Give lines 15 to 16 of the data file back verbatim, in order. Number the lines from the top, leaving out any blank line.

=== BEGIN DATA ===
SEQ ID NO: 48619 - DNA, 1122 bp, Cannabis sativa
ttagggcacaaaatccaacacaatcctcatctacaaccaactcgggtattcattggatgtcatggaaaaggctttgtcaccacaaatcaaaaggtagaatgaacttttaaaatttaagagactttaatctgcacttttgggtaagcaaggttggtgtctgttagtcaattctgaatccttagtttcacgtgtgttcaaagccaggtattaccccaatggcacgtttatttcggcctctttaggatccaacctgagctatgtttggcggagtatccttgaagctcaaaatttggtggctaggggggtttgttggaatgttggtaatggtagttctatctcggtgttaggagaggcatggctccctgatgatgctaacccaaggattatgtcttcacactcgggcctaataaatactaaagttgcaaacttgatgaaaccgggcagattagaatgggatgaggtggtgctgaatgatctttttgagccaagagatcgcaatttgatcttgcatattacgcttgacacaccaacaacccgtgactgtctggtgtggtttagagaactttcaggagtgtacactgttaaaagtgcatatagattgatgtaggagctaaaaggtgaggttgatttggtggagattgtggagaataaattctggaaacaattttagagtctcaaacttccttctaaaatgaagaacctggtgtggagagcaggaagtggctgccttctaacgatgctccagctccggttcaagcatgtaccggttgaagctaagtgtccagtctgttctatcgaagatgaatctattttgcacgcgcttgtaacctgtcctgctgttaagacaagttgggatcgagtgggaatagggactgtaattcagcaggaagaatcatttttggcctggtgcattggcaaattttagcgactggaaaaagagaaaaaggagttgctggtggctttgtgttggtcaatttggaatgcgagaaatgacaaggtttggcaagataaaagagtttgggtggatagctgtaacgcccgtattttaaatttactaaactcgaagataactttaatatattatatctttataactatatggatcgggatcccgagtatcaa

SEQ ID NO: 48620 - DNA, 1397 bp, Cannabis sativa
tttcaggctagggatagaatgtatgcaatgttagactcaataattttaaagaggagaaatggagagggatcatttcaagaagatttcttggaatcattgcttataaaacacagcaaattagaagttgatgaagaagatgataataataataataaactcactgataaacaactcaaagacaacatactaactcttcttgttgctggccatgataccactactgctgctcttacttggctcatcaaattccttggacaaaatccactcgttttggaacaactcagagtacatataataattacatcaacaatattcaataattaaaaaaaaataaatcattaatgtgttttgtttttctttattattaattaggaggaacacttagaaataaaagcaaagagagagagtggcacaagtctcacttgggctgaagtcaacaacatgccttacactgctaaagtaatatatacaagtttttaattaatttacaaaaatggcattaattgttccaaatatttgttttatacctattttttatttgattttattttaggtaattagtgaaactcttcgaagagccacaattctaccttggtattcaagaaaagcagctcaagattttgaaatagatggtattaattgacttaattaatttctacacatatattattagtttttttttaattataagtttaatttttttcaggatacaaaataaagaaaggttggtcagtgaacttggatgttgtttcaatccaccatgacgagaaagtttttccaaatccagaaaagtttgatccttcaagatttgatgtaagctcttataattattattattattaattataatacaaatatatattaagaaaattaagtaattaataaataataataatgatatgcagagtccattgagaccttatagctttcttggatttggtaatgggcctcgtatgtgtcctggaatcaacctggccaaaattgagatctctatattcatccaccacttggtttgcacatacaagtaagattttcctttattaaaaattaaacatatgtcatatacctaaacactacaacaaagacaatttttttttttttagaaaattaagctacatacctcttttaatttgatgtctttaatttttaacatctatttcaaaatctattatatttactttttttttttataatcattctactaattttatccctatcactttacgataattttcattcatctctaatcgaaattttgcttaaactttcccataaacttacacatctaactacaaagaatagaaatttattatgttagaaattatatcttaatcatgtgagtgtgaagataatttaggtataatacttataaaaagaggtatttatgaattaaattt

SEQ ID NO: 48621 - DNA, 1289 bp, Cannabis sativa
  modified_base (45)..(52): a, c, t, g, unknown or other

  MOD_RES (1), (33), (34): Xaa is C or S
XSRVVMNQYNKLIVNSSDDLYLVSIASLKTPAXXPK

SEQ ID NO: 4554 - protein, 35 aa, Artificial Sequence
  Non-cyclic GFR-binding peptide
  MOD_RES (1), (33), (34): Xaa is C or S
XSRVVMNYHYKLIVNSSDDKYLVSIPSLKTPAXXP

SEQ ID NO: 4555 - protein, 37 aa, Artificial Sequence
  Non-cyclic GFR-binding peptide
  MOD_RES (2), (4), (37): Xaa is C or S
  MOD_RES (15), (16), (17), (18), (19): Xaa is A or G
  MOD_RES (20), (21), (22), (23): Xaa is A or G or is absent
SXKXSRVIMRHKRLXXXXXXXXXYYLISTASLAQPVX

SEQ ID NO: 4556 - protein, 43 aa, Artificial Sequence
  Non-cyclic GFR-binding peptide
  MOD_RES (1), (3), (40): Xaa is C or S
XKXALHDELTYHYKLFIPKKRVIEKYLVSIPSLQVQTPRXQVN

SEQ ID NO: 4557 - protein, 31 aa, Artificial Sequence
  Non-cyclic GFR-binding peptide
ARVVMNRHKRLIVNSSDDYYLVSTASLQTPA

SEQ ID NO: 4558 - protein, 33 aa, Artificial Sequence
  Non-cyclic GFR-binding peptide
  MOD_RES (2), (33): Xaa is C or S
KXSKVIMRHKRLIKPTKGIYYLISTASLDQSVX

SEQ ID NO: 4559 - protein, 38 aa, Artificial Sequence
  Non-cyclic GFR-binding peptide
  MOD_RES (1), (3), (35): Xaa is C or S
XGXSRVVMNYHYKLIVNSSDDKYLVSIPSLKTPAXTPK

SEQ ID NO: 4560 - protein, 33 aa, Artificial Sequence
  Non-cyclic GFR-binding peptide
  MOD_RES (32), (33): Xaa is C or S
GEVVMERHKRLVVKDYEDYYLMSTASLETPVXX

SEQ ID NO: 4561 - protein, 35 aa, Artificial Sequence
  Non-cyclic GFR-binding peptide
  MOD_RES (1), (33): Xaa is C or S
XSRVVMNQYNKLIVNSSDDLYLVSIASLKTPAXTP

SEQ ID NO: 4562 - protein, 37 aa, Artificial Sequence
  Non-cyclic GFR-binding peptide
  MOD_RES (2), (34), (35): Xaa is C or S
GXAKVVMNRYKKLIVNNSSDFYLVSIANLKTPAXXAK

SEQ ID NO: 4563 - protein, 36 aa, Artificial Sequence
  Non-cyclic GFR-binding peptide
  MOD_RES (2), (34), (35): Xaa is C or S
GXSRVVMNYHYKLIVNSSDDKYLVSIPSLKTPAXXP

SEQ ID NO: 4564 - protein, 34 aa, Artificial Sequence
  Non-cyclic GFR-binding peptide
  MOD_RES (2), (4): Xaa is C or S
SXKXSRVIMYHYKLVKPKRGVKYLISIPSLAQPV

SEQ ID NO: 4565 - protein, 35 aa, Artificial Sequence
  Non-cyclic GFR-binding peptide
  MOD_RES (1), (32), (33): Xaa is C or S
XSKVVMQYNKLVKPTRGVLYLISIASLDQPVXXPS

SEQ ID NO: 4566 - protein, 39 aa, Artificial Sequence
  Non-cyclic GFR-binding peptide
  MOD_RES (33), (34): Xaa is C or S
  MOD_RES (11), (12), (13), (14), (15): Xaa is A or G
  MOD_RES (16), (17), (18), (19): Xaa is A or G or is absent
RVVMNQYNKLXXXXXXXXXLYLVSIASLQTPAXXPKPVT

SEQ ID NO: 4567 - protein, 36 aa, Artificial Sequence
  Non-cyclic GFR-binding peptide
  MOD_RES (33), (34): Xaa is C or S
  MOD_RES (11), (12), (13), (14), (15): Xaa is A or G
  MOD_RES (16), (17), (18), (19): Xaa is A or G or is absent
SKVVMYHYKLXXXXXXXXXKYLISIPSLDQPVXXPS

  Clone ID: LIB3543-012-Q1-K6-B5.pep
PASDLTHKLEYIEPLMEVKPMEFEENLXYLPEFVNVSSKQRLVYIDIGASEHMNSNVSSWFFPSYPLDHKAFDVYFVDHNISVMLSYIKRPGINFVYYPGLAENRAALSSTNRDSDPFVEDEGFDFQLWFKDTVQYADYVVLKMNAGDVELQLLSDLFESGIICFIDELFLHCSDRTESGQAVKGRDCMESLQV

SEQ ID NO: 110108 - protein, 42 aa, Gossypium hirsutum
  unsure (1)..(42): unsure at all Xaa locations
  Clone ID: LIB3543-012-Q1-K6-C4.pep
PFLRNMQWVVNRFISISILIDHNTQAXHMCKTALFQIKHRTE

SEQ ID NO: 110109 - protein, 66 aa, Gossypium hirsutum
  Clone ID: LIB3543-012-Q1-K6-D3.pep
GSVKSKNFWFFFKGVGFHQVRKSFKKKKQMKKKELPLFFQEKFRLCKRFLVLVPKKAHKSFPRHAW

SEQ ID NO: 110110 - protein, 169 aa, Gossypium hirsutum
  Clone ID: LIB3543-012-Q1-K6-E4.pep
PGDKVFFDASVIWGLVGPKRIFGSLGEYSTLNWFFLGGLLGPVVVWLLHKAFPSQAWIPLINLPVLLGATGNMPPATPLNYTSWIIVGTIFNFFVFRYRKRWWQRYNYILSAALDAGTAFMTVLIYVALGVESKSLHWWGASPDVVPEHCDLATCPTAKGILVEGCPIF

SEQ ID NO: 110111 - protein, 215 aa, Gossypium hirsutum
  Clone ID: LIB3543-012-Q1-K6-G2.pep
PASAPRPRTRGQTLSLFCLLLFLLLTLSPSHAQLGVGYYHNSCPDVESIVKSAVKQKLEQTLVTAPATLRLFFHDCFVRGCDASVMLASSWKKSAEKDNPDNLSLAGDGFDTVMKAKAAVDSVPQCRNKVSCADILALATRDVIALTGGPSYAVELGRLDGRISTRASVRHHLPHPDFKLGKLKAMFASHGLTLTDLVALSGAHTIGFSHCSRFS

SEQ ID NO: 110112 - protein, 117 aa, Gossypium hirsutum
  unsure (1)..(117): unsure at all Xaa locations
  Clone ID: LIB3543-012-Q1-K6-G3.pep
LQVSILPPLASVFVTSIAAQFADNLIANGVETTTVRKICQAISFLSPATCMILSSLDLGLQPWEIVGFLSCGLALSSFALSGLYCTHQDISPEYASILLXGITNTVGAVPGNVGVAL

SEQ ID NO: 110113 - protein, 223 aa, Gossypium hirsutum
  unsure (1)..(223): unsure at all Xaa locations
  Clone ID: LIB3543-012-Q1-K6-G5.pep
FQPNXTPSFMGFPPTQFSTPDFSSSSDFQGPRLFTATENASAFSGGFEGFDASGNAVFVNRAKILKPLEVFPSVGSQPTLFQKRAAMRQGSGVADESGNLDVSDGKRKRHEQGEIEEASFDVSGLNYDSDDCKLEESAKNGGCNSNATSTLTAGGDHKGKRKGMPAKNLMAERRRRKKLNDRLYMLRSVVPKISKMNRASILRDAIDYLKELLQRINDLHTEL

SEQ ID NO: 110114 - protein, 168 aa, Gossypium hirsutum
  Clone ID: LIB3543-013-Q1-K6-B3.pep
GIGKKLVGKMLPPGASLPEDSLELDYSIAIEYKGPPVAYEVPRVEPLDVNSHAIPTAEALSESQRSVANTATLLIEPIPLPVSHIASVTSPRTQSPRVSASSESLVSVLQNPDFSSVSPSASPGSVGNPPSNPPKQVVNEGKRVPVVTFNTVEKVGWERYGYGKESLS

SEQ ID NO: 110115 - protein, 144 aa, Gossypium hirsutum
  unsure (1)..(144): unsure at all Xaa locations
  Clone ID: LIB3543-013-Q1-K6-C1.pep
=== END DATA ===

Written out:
  MOD_RES (2), (4), (37): Xaa is C or S
  MOD_RES (15), (16), (17), (18), (19): Xaa is A or G